Testing and Developing Open Banking Apps
The integration of open source services into everyday life represents a huge opportunity for both companies and consumers. Companies can increase engagement with users, while customers benefit from increased accessibility and efficiency. It’s no surprise that the finance industry would be interested in exploring these software solutions as alternative channels to bring services to customers that they could once only get at a physical location. From mortgage lending to money transfers, the potential to capture customers is huge. But what are the actual benefits? What are the risks? Open banking is the future, but today we have to be strategic about laying a secure and functional software foundation.
What is Open Banking?
Over the past few years, the concept of open banking has emerged as a defining trend in the financial industry. Through open source development, open banking seeks to provide a safe and trustworthy digital environment to share personal information, whether it be for customers to check their balances or complete external transactions.
Open banking can also mean allowing third-party developers to build apps around banking organizations, mainly through usage of Open APIs. This would include applications such as Mint.com, which allows users to track savings and spending by linking all bank accounts in their proprietary software. From a distance, this kind of data sharing certainly seems like a no-brainer, but with the sensitive nature of financial data, these kind of programs need to be carefully strategized, developed, and tested.
It’s paramount to consider that customers are putting faith in your platform as being a reliable and more accessible alternative to traditional banking. With that in mind, any inconsistencies in the app’s performance will likely lead to people ditching the online services or, worse, finding a new banking institution. There are several areas where functionality and performance could be strained, creating a dire need for extensive testing.
Many banking apps are integrated with third-party applications, such as e-commerce or tracking of spending. The wider a banking app’s ability to work with other programs, the more successful it likely will be. As new third-party apps are integrated, there will be a need for exhaustive regression testing to ensure all portions of the software are operating correctly.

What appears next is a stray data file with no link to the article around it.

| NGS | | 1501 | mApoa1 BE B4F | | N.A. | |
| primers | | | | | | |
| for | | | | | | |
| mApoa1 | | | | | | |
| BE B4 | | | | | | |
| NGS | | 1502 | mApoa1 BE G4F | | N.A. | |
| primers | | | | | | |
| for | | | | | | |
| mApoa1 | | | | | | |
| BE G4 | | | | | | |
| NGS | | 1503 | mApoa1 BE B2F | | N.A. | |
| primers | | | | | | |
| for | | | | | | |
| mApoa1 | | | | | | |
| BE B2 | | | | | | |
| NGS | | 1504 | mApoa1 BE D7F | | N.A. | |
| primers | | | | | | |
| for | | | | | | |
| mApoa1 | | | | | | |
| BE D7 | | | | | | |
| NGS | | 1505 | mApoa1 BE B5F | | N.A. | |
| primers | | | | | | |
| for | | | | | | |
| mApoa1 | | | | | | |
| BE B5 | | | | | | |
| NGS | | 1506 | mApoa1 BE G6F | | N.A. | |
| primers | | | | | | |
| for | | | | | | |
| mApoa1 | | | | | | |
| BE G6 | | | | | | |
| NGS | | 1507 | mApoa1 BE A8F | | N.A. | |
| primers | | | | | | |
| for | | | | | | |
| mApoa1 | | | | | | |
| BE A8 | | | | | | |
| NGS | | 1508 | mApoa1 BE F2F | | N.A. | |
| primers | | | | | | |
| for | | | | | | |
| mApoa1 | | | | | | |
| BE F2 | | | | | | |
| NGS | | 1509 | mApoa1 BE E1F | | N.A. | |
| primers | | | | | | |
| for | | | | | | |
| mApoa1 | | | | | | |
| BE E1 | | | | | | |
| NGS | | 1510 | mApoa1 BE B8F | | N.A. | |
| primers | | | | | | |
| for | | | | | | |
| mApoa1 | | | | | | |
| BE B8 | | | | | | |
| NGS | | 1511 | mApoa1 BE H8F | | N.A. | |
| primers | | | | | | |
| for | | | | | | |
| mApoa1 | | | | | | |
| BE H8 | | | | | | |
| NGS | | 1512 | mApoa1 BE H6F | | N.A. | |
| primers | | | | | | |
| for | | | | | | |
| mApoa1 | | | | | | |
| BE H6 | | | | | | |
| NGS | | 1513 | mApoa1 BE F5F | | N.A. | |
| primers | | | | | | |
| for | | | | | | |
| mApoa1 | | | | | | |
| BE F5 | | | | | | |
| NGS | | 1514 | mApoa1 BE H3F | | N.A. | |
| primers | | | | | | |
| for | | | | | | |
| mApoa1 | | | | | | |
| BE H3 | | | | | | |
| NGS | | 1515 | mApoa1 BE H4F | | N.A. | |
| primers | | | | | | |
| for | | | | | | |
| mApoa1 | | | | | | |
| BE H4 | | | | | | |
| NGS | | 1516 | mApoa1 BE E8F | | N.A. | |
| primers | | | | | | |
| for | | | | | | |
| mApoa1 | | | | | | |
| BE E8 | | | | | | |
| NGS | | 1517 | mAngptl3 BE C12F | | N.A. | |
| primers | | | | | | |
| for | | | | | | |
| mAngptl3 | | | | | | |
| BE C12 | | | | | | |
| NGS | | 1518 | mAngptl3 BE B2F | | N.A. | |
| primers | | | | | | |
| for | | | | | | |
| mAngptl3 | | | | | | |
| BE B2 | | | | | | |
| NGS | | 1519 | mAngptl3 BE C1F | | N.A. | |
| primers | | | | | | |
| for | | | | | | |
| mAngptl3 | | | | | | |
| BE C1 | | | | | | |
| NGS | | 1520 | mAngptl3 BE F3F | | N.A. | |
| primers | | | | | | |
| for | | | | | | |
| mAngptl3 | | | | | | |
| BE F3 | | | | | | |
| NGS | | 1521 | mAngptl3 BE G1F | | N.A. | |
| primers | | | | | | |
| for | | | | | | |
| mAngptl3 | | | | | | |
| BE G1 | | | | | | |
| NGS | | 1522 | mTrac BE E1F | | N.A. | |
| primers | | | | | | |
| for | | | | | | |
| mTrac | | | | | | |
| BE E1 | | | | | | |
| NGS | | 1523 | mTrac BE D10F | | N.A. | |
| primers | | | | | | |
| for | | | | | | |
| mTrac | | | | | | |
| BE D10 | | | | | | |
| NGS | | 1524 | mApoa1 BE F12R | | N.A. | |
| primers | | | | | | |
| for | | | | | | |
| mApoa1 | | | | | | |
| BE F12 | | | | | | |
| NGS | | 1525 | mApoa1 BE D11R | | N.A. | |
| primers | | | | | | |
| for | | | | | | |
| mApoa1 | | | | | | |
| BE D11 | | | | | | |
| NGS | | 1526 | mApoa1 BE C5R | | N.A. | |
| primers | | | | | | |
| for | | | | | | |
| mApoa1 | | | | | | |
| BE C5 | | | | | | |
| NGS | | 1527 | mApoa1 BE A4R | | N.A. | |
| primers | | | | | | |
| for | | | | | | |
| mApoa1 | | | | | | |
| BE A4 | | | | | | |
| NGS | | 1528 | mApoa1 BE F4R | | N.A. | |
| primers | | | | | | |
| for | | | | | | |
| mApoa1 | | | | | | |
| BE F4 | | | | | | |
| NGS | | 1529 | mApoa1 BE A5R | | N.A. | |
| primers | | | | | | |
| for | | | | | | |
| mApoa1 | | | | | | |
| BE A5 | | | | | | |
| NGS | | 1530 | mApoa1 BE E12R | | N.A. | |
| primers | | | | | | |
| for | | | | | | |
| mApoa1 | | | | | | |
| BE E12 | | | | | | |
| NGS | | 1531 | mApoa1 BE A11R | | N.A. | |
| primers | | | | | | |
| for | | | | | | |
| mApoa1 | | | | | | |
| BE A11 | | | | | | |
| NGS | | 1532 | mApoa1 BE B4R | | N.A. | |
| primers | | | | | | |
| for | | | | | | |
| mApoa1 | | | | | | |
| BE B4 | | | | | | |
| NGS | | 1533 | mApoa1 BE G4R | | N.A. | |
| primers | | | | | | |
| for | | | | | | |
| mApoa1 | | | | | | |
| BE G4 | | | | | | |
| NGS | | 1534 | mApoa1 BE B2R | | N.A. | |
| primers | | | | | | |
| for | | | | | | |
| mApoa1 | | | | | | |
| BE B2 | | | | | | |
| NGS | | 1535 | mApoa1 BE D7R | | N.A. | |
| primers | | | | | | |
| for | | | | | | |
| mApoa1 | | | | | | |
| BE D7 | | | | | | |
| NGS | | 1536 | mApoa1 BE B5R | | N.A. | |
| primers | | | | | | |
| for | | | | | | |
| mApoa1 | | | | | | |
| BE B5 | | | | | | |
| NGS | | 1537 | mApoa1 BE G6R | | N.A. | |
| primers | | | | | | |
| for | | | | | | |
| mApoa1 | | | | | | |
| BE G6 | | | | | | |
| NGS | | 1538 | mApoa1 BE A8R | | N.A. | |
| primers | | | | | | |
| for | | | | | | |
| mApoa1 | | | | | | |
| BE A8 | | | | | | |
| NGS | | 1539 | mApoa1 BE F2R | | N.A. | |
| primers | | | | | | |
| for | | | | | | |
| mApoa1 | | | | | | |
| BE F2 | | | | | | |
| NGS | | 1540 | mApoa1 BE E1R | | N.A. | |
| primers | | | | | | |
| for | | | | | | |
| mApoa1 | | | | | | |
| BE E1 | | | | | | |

As banks and third-party companies encourage their users to switch to an online application, any success in that area will inevitably lead to increased traffic and a heavy load on the app. While it may be no big deal if, say, your Facebook app crashes while you’re in the middle of liking a status, the same can’t be said for financial apps. In these cases, users may be in the middle of transferring funds or making a credit card payment, so any breakdowns in performance could be hugely impactful. Another point of consideration may be peak times during a day or week, such as paydays or the holiday shopping seasons. An app’s ability to perform under heavy weight and usage is going to be make-or-break in determining its success.
When it comes to the sharing of data, few other categories are strongly guarded as financial information. Logging in to a bank’s website often requires multiple levels of verification, and sometimes a false fraud alert can be triggered by signing in through an unknown IP address. Companies like PayPal or even cryptocurrency standard BitCoin have been developed specifically to ensure that bank information need not be shared online, so as to avoid the possibility of any identity theft. Any banking application, be it from a financial institution or a third-party company, will need vigorous security testing to avoid any possible hackers from gaining access. Additionally, banking is an industry governed by a long list of legal requirements. Any application designed to share bank data in any way needs to be certain that it meets all laws set forth by regulatory authorities.
A main selling point of open source banking applications is the ability to manage funds while on the go. Commercials for such products usually depict a busy adult working hard at the office suddenly receiving a notification from his or her bank. With a couple quick taps on their smart device, the pending issue is handled and they can return their focus to work. This is certainly an ideal concept, but it cannot be achieved without being as close to device agnostic as possible. Not only are there a huge number of device types and operating systems, but each one will be using a slightly different version of their specific software. If a bank wants their customers to take advantage of online tools, they can’t risk alienating a portion of users because the newest version of the iPhone doesn’t work with their software.
Overall, these apps can deliver a more personalized and relaxed banking experience. That being said, there are multiple areas that will require an emphasis on testing for quality assurance. The safety of the information, the usability and functionality, and the ability to access from all mobile devices will determine the success rate of these applications. Just be sure you’re partnering with the right people and using the right tools to build software your consumers can trust and rely on.